[Photo by: Brinson Banks]
Tattoos have gone from social taboo to artsy trend in just a decade. With groundbreaking shows such as Miami Ink and its spinoffs LA Ink and NY Ink, television has helped show the general public the high level of artistry associated with ink in skin. But while the stigma that used to be attached to people with tattoos has vastly diminished (according to NPR, about 40 percent of people ages 18 to 29 have at least one tattoo), there still are shortcomings that need to be fulfilled within the industry—the biggest being the lack of recognition for female tattoo artists.
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Tattoo lovers need only to turn to Spike’s Ink Master, the tattoo competition show pitting artist against artist in various style showdowns, to see the lack of women lauded in the tattoo industry. While this is one of the most popular shows featuring the tattoo medium on TV, only around 20 to 40 percent of the contestants each season have been women. Thus, it took eight seasons for Ink Master to crown a female winner.
For anyone who watched Season 8 of Ink Master, the four female contestants, Ryan Ashley Malarkey, Kelly Doty, Gia Rose and Nikki Simpson, completely stole the show. In fact, they flipped the entire competition on its head. This particular season divided the contestants into two teams where two judges, Chris Nunez and Oliver Peck, served as team mentors. While the girls were divided in the competition, they banded together to form the most memorable alliance in Ink Master history. And now, the Season 8 champ, Ryan Ashley Malarkey, has joined forces again with the three other badass gal pals she befriended on Ink Master for Ink Master: Angels, premiering at 10 p.m. Oct. 3 on Spike.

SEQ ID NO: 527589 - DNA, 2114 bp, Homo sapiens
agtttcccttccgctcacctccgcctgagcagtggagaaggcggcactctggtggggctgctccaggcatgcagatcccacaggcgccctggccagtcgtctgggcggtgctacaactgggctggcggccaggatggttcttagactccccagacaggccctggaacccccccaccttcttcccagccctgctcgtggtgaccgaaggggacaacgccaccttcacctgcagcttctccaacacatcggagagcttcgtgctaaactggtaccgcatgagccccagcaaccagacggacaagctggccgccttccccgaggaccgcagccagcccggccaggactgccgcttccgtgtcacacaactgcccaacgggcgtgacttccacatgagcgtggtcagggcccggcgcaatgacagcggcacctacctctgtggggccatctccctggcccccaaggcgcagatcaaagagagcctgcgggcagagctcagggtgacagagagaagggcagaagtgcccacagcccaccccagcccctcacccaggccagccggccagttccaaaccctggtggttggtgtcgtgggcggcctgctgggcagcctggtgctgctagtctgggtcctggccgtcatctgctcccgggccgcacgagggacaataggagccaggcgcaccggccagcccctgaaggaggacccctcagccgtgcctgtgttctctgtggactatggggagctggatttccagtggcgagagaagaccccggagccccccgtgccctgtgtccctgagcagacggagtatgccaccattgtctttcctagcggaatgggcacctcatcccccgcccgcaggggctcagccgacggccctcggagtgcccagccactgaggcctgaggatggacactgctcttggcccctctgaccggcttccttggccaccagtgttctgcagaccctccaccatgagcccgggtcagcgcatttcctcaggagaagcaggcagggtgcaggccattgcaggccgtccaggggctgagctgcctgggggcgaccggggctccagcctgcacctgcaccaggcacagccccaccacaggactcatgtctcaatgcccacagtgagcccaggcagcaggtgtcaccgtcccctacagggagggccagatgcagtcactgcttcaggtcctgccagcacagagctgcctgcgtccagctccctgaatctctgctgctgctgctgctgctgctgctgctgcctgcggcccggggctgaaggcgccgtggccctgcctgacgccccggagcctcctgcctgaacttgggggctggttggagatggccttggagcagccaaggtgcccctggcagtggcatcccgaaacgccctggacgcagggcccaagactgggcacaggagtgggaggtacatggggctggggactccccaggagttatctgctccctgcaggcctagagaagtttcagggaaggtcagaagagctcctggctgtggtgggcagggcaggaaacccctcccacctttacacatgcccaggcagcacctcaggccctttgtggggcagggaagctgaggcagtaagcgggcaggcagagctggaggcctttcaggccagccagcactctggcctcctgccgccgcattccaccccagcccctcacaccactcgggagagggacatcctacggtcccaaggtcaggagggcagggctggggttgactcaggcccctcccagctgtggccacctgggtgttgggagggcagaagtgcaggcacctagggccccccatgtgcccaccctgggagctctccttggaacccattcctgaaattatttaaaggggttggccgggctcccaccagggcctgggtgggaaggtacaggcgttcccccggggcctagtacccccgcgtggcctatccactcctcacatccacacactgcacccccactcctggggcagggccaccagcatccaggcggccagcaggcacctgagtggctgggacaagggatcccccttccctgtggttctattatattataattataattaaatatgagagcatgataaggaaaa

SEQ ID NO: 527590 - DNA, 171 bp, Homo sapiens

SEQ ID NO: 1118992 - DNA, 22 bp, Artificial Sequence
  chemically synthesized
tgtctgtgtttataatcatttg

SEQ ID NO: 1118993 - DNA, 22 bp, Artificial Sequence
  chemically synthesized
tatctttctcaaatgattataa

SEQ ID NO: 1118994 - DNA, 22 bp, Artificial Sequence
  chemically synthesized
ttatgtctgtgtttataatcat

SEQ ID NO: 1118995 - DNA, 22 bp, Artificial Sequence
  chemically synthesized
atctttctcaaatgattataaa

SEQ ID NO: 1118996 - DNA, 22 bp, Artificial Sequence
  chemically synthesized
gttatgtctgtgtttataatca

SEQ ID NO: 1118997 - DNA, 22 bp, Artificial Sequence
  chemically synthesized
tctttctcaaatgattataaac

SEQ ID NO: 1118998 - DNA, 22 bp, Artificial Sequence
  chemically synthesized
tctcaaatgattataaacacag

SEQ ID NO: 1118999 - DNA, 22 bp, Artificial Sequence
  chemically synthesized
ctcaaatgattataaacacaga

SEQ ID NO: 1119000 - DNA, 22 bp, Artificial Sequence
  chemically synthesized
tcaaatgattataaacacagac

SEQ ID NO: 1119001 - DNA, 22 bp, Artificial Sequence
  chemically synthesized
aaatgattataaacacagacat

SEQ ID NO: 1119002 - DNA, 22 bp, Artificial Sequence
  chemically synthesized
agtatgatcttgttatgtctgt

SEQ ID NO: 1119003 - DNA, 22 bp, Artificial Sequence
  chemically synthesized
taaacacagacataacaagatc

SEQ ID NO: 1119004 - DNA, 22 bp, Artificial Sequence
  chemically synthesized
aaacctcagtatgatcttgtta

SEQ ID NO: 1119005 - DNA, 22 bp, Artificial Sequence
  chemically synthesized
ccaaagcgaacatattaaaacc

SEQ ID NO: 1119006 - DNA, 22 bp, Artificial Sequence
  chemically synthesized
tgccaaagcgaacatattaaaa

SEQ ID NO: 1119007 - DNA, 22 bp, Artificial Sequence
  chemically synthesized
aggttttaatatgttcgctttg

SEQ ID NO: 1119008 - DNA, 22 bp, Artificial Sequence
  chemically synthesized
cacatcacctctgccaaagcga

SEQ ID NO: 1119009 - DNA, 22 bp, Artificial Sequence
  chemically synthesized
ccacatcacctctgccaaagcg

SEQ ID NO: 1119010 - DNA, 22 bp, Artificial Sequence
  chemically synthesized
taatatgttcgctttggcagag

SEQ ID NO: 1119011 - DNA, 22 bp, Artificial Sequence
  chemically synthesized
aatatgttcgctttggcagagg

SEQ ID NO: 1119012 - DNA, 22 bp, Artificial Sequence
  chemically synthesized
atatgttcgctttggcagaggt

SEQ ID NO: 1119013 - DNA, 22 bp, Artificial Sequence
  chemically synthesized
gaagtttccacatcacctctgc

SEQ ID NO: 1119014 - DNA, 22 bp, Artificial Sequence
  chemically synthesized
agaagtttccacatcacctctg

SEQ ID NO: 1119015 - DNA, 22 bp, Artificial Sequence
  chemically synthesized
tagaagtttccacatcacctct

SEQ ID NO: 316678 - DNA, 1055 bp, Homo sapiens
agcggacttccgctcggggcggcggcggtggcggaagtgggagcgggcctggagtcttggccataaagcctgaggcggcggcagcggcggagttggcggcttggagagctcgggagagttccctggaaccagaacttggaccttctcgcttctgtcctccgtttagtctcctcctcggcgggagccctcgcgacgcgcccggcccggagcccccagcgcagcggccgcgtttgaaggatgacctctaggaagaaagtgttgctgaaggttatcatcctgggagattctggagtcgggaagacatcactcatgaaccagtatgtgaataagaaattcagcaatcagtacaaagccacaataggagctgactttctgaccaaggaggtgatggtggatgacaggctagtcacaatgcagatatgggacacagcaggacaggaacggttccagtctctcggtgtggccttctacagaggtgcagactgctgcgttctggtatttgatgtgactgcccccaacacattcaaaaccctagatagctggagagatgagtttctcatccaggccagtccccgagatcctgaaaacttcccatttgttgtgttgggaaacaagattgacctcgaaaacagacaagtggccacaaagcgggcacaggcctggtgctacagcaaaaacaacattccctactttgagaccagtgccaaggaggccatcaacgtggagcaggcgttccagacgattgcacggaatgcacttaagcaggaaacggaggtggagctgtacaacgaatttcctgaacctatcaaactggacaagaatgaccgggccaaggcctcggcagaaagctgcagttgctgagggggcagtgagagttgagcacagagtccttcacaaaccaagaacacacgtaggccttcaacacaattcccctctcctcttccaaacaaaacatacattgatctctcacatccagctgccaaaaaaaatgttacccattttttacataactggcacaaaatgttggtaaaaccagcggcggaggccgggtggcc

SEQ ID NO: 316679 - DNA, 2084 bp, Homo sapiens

“I don’t think we necessarily had a very clear idea in the beginning of what we were going to make the show about,” says Simpson. “All we knew was that we wanted to go into a creative project together. The only ideas that us girls had started with travelling. Instead of everybody coming to New York like they do on Ink Master, I think they all collectively thought that it would be interesting to go to those artists or go to those cities.”
The premise of Ink Master: Angels is like a mini touring version of Ink Master. Each week the Angels travel to an American city well-known for its tattoo scene—New Orleans, Portland, Nashville, Dallas, etc.—in which they seek out the best tattooers in the area. Those selected artists then compete against one another, and the victor gets the opportunity to battle one of the Angels. If they successfully beat an Angel, they get a spot on Ink Master Season 10.
“It’s definitely taking a lot for us to not just be the judges and not just be the ones who call the shots,” says Malarkey, whose tattoo style is primarily a signature black and grey realism with an ornamental twist. “We’re also putting our artwork against these artists’ work. So, we’re kind of putting our money where our mouth is in a sense. We’re not just standing on this pedestal judging. We keep tattooing and competing. Just because we competed [on Ink Master] doesn’t mean that we’re better than anyone or that we’re the best. We’re all artists. We’re all in this together.”
“Just because we competed [on Ink Master] doesn’t mean that we’re better than anyone or that we’re the best. We’re all artists. We’re all in this together.”
“For someone who wears this much black, I’m still deeply a positive person.”
Ink Master is known for being a very one-on-one competition, which was a mindset the Angels clearly sought to overcome. This highly motivational attitude transcended the competition to become a dominating force on Angels. “I feel like Ink Master: Angels has such a positive message behind it,” says Doty, who made it all the way to the finale of Season 8. “You want literally everybody to do well, like you’re rooting for literally every single person in the room. And that’s one of the things that I liked most about [the show] is just how positive it is. Because for someone who wears this much black, I’m still deeply a positive person.”